May 15, 2019 — Cordis, a Cardinal Health company, recently announced the full U.S. launch of its Radial 360 portfolio, offering a complete range of products to facilitate the transradial approach (TRA) for interventional cardiology procedures.
The transradial approach uses the radial artery in the wrist to access the body's arterial system, instead of using the femoral artery in the groin. This launch marks the beginning of a global radial product portfolio rollout. The Cordis Radial 360 portfolio is composed of:
- Rain Sheath Transradial Thin-Walled Introducer;
- Railway Sheathless Access System;
- RBL-TG and RBL-JK Universal Shapes for the Infiniti and Super Torque Plus Diagnostic Catheters; and
- Zephyr Vascular Compression Band
Compared to a femoral access approach, TRA in the wrist can offer fewer bleeding complications, faster post-procedure mobility, improved patient comfort and faster patient discharge, resulting in reduced in-hospital costs.1,2,3 TRA use in the U.S. is currently estimated to be approximately 30 percent of overall percutaneous coronary interventions and growing.4 In ST-segment elevation myocardial infarction (STEMI) patients alone, which represent the most severe type of heart attack, TRA use increased from 2 percent in 2009 to 23 percent in 2015.5 In Europe, Japan, China and Canada, TRA is currently used in the majority of cases.6,7
"The transradial approach has been an important advancement in how we treat coronary artery disease because of both the patient benefits, and the advantages realized by the hospital in terms of procedure flow and economics," said Kintur Sanghvi, M.D., FACC, FSCAI, associate medical director of interventional cardiology at Deborah Heart & Lung Center in Browns Mills, N.J., and inventor of the Railway System. "We look to the industry to help us advance the tools available for this technique, which Cordis has done with the introduction of the Radial 360 portfolio. In my experience with the Railway System, I see the clear advantage of downsizing the radial access by up to 2 French, a benefit that I'm unable to achieve with anything else that's currently on the market."
In addition to the Railway System, which received CE Mark in March 2017 and was U.S. Food and Drug Administration (FDA)-cleared in April 2018, the portfolio features the Rain Sheath Transradial Introducer. The introducer offers an ultra-low profile design, lubricious hydrophilic coating and proprietary Kink Recovery Technology that enables the sheath to maintain lumen patency throughout the procedure, even after a kink occurs.
"It's really exciting to have new and innovative tools to support complex radial revascularization procedures for our patients. These improvements in sheath and catheter technologies will enable us to increase radial adoption in the U.S. so that we can maximize PCI success while minimizing bleeding complications," said Kevin Croce, M.D., Ph.D., director of the Chronic Total Occlusion Complex Percutaneous Coronary Intervention Program at Brigham and Women's Hospital in Boston.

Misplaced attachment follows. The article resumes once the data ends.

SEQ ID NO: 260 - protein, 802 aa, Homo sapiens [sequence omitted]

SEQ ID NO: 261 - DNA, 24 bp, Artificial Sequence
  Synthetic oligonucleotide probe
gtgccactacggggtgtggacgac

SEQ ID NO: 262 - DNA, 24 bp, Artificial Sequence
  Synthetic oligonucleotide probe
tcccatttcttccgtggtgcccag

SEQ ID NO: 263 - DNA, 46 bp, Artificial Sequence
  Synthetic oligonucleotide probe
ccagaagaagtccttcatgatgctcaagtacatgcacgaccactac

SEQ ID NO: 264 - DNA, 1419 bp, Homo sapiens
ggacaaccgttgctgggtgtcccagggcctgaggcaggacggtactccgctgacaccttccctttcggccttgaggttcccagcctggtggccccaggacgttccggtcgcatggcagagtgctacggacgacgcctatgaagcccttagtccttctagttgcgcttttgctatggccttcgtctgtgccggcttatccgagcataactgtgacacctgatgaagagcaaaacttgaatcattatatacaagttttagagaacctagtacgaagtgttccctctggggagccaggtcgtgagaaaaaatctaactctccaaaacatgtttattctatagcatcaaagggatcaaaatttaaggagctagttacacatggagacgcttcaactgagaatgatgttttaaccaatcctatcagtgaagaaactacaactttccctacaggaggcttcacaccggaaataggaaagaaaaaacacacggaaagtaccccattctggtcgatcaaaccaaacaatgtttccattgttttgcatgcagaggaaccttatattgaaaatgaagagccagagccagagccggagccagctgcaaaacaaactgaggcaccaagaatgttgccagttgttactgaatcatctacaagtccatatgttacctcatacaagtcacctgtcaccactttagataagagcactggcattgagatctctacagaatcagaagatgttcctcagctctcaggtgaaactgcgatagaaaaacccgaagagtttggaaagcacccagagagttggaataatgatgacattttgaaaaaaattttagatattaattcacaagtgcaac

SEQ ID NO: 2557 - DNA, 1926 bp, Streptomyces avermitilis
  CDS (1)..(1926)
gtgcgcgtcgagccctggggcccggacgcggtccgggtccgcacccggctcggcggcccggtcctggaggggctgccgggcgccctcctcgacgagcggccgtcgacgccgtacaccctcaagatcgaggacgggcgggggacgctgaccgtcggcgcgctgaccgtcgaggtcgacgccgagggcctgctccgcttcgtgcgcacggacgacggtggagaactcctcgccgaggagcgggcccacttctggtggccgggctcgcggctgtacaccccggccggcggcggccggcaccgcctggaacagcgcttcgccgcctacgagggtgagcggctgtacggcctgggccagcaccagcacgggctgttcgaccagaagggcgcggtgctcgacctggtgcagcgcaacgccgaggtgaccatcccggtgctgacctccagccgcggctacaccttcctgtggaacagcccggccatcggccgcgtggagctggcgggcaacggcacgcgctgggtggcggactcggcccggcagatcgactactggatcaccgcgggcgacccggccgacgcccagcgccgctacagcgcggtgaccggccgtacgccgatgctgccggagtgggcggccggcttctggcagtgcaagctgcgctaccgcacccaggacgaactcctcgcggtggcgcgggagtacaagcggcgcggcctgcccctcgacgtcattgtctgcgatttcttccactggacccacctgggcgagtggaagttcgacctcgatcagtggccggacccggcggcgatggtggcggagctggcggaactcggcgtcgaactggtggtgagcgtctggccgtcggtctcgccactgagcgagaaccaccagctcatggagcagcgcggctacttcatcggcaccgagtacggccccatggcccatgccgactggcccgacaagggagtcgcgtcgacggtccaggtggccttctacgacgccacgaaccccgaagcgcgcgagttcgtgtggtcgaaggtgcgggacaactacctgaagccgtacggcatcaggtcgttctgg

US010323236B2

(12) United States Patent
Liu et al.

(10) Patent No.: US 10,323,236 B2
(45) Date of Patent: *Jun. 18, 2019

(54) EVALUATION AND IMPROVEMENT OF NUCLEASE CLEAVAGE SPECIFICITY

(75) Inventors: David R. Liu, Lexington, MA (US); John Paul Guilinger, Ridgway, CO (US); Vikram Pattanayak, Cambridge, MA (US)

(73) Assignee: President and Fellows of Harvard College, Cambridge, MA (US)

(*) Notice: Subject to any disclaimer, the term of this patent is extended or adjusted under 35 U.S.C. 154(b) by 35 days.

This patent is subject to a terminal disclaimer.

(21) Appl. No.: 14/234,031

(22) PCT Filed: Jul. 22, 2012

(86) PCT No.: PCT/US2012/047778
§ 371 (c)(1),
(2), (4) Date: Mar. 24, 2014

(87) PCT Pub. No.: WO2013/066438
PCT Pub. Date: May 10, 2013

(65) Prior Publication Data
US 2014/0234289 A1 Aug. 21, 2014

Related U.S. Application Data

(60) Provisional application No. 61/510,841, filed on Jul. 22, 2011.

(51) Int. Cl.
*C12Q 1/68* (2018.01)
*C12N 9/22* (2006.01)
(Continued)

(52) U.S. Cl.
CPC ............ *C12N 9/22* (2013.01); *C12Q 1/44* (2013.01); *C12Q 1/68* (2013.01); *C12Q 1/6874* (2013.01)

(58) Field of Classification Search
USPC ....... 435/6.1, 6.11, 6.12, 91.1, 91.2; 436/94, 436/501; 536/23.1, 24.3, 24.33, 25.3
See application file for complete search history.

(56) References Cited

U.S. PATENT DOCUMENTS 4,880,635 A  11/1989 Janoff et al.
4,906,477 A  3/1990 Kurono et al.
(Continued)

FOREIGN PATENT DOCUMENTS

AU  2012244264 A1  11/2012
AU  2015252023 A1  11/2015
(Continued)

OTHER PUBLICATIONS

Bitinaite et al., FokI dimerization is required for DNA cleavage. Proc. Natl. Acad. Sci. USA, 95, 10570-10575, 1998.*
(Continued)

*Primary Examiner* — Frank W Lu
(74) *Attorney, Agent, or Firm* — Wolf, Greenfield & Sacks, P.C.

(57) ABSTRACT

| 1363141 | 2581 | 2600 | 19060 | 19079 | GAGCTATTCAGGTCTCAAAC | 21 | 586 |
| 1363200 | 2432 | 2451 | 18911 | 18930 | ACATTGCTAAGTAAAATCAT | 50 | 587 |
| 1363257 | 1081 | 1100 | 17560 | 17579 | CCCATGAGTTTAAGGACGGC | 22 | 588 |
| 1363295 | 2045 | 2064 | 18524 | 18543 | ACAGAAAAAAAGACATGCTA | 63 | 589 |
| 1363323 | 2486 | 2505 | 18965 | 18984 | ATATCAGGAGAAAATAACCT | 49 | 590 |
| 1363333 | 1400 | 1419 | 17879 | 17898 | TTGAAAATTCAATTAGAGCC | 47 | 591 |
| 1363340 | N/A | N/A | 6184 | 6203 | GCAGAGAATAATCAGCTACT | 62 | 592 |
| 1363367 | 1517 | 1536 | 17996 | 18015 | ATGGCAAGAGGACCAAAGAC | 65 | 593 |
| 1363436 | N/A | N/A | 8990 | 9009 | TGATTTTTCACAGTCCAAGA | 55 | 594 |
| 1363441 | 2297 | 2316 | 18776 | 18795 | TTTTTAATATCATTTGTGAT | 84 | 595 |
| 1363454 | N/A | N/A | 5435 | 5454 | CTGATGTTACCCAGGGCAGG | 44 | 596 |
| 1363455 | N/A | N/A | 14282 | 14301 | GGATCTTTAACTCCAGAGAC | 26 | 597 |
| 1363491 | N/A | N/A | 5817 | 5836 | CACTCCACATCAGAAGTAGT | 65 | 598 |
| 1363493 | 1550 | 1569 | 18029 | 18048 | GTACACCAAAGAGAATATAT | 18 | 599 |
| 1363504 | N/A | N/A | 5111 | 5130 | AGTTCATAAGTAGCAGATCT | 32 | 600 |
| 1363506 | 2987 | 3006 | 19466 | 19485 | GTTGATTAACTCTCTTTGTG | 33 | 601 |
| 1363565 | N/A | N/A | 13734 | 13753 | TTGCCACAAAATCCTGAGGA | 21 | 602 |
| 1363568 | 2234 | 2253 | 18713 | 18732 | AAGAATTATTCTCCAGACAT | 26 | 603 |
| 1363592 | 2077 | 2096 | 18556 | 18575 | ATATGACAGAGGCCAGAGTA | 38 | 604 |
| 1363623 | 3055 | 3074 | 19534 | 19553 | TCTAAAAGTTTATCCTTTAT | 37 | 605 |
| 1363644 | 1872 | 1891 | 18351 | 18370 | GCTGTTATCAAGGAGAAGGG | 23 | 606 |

In addition, the RBL-TG and RBL-JK Universal Shapes build on the legacy of Cordis catheter technology, and the Zephyr Band is designed to simplify how a physician closes the procedure.
Cordis will showcase the Radial 360 portfolio at the Society for Cardiovascular Angiography and Interventions (SCAI) 2019 annual meeting, May 19-22 in Las Vegas.
For more information: www.cardinalhealth.com
1. Romagnoli E., Biondi-Zoccai G., Sciahbasi A., et al. Radial Versus Femoral Randomized Investigation in ST-Segment Elevation Acute Coronary Syndrome: The RIFLE-STEACS (Radial Versus Femoral Randomized Investigation in ST-Elevation Acute Coronary Syndrome) Study. Journal of the American College of Cardiology Volume 60, Issue 24, 18 Dec. 2012.
2. Mauricio G. Cohen and E. Magnus Ohman. Should the Benefit of Transradial Access Still Be Questioned? Journal of the American College of Cardiology: Cardiovascular Interventions. Volume 9, Issue 9, May 2016.
3. Amit P. Amin et al. Costs Associated with Access Site and Same-Day Discharge Among Medicare Beneficiaries Undergoing Percutaneous Coronary Intervention. Journal of the American College of Cardiology: Cardiovascular Interventions. Volume 10, Issue 4, February 2017.
4. Data from the American College of Cardiology (ACC) National Cardiovascular Data Registry (NCDR).
5. Javier A. Valle, Lisa A. Kaltenbach, Steven M. Bradley, Robert W. Yeh, Sunil V. Rao, Hitinder S. Gurm, Ehrin J. Armstrong, John C. Messenger and Stephen W. Waldo. Variation in the Adoption of Transradial Access for ST-Segment Elevation Myocardial Infarction Insights from the NCDR CathPCI Registry. JACC: Cardiovascular Interventions. November 2017.
6. Zheng X, Curtis JP, Hu S, Wang Y, Yang Y, Masoudi FA, Spertus JA, Li X, Li J, Dharmarajan K, Downing NS, Krumholz HM, Jiang L; China PEACE Collaborative Group. Coronary Catheterization and Percutaneous Coronary Intervention in China: 10-Year Results From China PEACE-Retrospective CathPCI Study. JAMA Intern Med. 2016 Apr; 176(4): 512–521.
7. Caputo RP, Tremmel JA, Rao S, Gilchrist IC, Pyne C, Pancholy S, Frasier D, Gulati R, Skelding K, Bertrand O, Patel T. Transradial arterial access for coronary and peripheral procedures: Executive summary by the transradial committee of the SCAI*. Catheter Cardiovasc Interv. 2011 Nov 15;78(6):823-39.